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Citations since 2017
7 Research Items
Michelle Harris is a PhD candidate in the Department of Geography at the University of South Carolina. She focuses her research on coastal geomorphology, management, developed coastlines, and coastal hazards.
January 2021 - August 2021
- GEOG 105 - The Digital Earth - F2F; GEOG 104 - Introduction to Physical Geography - Online, F2F, Online accelerated
February 2020 - January 2021
South Carolina Sea Grant Consortium
- I served as a Knauss Fellow within the National Oceanic and Atmospheric Administration's (NOAA) National Ocean Service (NOS). I was placed in the Integrated Ocean Observing System (IOOS) Program Office where I worked as a Science and Technology Fellow.
August 2017 - August 2019
University of South Carolina
- Graduate Teaching Assistant
The National Oceanic and Atmospheric Administration (NOAA) Ocean Acidification Program (OAP) and NOAA National Centers for Coastal Ocean Science (NCCOS) Competitive Research Program (CRP) are working to better understand interactions between stressors such as harmful algal blooms (HABs) and coastal and ocean acidification (OA). Both HABs and OA are...
Coastal populations face an ever-growing threat as natural hazards increase in frequency and magnitude. In South Carolina, king tides (abnormally high tides) responsible for coastal flooding have increased by 126% between 2014 and 2019. King tides present an evolving threat as sea levels rise, yet the implications for coastal dune response have not...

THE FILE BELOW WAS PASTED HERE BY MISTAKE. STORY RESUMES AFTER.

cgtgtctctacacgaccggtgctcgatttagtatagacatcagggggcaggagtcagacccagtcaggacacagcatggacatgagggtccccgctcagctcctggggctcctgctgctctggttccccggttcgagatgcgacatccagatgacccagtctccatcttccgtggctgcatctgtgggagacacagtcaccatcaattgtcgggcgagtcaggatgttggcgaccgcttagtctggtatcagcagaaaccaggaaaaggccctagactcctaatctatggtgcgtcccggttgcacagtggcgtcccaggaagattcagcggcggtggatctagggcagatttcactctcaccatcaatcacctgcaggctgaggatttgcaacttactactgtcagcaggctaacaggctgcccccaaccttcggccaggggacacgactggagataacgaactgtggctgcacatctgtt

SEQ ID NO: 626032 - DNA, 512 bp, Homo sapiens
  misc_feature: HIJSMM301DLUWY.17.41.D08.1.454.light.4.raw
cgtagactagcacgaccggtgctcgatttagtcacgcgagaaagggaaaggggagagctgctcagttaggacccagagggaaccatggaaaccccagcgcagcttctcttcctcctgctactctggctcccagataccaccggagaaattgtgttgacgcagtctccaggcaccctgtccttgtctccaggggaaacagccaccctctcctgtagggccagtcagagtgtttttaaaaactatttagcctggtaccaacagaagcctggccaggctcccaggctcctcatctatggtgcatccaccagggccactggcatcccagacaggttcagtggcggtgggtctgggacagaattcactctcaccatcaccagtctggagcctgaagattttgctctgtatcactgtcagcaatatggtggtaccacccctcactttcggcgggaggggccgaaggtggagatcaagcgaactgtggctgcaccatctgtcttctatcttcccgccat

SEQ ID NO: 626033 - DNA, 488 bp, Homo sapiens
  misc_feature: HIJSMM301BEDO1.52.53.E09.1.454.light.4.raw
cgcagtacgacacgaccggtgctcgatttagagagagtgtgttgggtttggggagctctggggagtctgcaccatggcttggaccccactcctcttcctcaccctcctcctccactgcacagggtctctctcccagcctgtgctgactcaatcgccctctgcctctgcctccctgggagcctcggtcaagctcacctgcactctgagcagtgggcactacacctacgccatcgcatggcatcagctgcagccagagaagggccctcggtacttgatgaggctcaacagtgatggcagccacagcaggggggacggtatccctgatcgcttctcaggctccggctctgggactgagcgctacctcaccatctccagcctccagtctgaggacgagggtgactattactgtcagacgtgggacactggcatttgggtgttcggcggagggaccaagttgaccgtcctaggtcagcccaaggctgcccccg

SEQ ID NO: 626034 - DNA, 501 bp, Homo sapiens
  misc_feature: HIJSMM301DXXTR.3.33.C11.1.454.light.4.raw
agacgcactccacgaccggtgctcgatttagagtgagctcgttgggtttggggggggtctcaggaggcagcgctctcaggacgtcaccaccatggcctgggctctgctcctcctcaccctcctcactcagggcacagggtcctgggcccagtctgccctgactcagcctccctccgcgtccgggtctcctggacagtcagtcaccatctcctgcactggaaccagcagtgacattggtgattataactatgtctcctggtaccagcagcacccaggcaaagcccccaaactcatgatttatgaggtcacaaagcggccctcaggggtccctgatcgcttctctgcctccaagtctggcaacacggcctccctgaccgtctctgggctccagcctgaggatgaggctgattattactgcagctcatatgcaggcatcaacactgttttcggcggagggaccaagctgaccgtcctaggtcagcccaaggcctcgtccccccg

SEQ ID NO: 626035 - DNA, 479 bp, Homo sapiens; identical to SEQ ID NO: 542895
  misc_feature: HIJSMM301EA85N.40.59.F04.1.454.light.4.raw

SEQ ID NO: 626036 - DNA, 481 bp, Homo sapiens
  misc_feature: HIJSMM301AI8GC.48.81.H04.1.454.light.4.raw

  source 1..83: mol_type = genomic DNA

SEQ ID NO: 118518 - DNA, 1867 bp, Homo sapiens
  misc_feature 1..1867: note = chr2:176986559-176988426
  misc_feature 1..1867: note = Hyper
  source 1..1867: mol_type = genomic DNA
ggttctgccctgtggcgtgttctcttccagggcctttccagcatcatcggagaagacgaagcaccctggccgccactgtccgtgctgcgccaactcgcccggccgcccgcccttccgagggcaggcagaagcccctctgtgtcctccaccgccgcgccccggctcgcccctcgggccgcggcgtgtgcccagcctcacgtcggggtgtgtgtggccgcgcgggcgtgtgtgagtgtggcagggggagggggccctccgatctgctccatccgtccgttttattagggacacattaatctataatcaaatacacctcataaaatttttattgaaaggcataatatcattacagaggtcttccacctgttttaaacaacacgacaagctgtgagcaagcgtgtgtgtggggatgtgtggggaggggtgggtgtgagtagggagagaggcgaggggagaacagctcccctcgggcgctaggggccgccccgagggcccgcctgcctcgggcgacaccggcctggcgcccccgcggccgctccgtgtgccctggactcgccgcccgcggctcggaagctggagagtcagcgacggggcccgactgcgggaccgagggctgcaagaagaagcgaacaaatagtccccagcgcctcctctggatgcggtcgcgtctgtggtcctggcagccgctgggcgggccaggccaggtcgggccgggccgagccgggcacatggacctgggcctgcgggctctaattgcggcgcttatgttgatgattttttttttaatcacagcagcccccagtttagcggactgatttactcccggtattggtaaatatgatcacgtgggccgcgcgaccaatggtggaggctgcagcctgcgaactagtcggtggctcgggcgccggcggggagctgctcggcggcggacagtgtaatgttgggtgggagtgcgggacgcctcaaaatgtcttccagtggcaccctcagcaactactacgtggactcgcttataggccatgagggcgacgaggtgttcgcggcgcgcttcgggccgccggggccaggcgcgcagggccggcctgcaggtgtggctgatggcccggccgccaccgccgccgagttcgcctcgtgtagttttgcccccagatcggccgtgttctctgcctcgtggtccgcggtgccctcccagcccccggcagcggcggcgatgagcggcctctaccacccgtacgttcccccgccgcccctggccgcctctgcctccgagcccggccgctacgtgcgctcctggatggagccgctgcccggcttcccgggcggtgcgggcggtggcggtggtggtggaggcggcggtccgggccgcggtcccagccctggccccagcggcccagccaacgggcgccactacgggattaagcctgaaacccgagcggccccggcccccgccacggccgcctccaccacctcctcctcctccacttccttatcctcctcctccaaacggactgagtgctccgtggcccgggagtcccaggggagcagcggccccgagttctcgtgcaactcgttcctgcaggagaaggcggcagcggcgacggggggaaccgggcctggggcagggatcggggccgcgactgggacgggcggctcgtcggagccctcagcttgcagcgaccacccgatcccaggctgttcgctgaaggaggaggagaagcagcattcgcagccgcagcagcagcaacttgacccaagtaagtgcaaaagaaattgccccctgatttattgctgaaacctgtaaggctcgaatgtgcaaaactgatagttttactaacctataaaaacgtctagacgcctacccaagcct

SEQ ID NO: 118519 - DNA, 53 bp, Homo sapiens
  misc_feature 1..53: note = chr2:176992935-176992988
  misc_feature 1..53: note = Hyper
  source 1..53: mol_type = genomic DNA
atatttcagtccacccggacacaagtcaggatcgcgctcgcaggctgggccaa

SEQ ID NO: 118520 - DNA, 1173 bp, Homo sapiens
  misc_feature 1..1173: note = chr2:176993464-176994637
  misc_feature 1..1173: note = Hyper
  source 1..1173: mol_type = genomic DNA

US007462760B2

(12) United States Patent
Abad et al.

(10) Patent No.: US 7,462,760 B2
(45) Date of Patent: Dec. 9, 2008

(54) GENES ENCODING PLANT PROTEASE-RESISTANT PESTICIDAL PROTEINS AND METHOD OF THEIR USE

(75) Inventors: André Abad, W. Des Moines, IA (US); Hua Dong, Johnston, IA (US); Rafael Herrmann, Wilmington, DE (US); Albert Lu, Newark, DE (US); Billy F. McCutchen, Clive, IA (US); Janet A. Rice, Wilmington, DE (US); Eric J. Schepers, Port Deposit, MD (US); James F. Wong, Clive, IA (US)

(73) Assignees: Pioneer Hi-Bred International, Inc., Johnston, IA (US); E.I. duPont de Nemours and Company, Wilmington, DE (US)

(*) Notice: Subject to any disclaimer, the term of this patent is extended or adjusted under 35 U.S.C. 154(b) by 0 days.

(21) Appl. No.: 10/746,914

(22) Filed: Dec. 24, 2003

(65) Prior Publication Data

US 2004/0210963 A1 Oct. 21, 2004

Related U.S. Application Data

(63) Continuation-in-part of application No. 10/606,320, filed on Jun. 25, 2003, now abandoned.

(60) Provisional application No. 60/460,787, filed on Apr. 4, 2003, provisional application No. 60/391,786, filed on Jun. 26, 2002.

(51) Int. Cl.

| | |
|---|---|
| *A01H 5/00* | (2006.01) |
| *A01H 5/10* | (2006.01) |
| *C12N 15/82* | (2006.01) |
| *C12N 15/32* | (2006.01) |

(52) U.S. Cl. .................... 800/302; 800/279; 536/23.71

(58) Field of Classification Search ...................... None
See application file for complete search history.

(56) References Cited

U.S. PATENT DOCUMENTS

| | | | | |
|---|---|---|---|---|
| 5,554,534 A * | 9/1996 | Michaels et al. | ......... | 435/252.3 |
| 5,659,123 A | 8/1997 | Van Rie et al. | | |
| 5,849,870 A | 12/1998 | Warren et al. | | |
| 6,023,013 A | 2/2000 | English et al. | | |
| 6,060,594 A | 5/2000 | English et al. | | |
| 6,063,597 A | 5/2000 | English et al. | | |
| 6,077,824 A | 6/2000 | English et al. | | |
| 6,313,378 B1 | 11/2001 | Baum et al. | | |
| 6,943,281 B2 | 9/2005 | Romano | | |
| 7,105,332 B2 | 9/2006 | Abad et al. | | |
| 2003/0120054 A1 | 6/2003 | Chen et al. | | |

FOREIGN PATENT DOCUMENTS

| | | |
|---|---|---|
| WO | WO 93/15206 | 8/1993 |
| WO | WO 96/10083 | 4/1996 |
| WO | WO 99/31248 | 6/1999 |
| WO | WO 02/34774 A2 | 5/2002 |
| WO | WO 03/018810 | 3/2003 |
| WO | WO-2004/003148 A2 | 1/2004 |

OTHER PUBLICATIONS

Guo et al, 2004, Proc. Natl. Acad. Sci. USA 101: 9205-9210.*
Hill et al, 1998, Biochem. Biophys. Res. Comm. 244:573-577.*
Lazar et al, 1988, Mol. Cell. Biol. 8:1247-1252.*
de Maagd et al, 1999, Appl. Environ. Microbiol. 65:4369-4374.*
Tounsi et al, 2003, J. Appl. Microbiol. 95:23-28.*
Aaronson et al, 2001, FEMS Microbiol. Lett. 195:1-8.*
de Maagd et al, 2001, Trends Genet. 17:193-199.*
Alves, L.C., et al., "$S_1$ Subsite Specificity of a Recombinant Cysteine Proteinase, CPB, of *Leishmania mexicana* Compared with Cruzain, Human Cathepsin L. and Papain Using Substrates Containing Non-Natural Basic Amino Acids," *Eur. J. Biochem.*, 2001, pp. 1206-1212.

In many places along the U.S. East and Gulf of Mexico coasts, barrier islands are the first line of defense against extreme weather events threatening our coastlines. The trademark of these barrier islands are sand dunes that are intricately bound, from a sedimentary perspective, to the beach. Coastal storms, such as Hurricanes Matthew (2016), Irma...
Over one-third of the Earth’s population resides or works within 200 km of the coast. The increasing threat of coastal hazards with predicted climate change will impact many global citizens. Coastal dune systems serve as a natural first line of defense against rising sea levels and coastal storms. This study investigated the volumetric changes of t...
The coastal zone is morphologically dynamic and a range of engineering practices are used to stabilize it. The dune system serves as the first line of defense against storms and rising sea levels. Sand fences on dunes are one popular and economical restorative engineering alternative. This study evaluates the geomorphic response of dunes with and w...
As population density increases in coastal counties, shoreline stabilization efforts continue to gain momentum to protect infrastructure. Although protection techniques vary from ‘soft’ to ‘hard’ engineering, this paper focuses on a ‘hybrid’ technique utilizing geotubes as artificial dune cores. Previous literature presents conflicting results on t...
We are investigating the response and recovery of South Carolina's dunes post Hurricanes Matthew (2016), Irma (2017), Florence (2018), and Michael (2018). The impact of mid-latitude storms and king tides are also factored into this research. We are also working the city and state coastal managers to understand/identify best management practices.